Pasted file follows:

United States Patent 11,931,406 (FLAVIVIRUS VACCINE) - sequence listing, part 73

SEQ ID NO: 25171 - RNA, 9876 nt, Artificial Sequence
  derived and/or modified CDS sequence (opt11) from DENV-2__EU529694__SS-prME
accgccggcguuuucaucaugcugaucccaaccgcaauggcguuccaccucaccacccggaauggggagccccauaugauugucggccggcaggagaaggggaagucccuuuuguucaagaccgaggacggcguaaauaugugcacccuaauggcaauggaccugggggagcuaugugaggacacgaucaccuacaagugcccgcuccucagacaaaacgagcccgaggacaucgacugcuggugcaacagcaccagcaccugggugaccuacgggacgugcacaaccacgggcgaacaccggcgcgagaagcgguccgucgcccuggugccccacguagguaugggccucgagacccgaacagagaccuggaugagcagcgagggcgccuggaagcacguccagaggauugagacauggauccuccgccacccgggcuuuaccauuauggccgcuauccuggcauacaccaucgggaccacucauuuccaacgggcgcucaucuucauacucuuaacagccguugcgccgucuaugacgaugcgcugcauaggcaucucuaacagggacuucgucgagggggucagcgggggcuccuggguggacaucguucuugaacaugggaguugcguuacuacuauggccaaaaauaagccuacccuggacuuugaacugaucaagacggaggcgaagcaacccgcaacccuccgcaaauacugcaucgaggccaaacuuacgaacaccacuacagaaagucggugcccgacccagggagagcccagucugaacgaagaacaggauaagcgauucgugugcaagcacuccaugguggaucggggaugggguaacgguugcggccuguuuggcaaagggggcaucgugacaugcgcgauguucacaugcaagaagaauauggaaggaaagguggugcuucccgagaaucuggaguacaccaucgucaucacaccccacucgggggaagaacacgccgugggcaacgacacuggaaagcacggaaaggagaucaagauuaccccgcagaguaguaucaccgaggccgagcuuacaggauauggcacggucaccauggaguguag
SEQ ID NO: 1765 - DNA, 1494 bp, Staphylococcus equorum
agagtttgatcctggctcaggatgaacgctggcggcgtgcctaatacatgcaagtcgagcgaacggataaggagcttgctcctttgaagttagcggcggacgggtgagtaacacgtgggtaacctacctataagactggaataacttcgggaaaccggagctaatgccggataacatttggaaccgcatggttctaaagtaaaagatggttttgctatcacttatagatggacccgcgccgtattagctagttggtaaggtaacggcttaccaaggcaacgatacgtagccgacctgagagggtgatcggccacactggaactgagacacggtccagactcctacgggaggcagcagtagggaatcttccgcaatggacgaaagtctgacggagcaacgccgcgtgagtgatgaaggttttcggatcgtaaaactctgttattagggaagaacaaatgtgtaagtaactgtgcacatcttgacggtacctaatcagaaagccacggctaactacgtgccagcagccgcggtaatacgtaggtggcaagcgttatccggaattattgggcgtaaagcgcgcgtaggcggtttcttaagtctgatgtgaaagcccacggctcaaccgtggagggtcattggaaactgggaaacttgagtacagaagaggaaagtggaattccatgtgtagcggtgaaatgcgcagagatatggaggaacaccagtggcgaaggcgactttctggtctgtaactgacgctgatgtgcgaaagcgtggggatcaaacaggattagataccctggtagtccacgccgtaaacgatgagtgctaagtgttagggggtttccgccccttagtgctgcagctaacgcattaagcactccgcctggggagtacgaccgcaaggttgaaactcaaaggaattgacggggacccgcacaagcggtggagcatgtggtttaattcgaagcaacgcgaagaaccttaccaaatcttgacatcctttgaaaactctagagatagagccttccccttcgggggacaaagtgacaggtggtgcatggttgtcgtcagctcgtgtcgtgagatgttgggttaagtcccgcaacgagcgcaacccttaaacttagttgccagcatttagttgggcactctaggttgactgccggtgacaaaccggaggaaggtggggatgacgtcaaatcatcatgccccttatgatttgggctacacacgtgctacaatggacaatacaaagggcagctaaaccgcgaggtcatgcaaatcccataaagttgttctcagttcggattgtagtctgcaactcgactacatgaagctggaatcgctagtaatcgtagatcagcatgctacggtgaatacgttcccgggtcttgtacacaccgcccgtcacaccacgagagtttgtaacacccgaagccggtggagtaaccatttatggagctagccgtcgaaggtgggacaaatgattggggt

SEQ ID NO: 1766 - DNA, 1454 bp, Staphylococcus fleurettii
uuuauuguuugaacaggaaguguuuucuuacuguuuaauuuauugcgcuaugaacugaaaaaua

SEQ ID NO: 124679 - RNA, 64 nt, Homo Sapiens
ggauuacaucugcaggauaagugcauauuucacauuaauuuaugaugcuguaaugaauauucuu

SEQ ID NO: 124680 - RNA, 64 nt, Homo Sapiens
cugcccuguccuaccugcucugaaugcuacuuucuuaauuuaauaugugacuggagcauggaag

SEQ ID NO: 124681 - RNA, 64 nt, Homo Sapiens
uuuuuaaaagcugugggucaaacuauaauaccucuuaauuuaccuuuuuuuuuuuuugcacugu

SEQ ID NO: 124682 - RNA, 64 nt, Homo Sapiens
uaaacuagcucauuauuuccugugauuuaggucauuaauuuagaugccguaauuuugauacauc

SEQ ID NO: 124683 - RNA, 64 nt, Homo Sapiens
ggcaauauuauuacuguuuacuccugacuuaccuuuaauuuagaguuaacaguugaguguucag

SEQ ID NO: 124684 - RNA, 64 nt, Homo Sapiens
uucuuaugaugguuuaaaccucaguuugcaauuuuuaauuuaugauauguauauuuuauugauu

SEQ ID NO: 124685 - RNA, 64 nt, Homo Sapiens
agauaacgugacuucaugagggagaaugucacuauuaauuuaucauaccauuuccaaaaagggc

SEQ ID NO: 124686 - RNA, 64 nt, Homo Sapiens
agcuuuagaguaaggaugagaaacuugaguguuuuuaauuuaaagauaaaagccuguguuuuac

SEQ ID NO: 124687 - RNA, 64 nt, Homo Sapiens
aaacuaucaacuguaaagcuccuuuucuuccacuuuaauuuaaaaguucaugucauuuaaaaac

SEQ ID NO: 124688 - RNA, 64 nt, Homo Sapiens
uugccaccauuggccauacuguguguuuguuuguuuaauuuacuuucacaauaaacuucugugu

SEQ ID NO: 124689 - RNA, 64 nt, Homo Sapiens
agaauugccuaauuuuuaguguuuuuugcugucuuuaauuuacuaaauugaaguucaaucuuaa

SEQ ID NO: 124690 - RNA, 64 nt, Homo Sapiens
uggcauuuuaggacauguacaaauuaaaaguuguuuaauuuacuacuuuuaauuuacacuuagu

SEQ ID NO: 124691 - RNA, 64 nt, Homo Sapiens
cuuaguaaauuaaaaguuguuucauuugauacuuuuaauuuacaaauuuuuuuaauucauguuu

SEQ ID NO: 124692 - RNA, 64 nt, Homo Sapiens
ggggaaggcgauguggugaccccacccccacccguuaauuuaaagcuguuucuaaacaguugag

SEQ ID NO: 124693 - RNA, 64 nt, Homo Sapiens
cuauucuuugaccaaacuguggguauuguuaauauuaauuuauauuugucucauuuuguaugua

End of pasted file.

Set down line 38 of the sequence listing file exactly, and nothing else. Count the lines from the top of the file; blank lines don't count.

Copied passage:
cuauucuuugaccaaacuguggguauuguuaauauuaauuuauauuugucucauuuuguaugua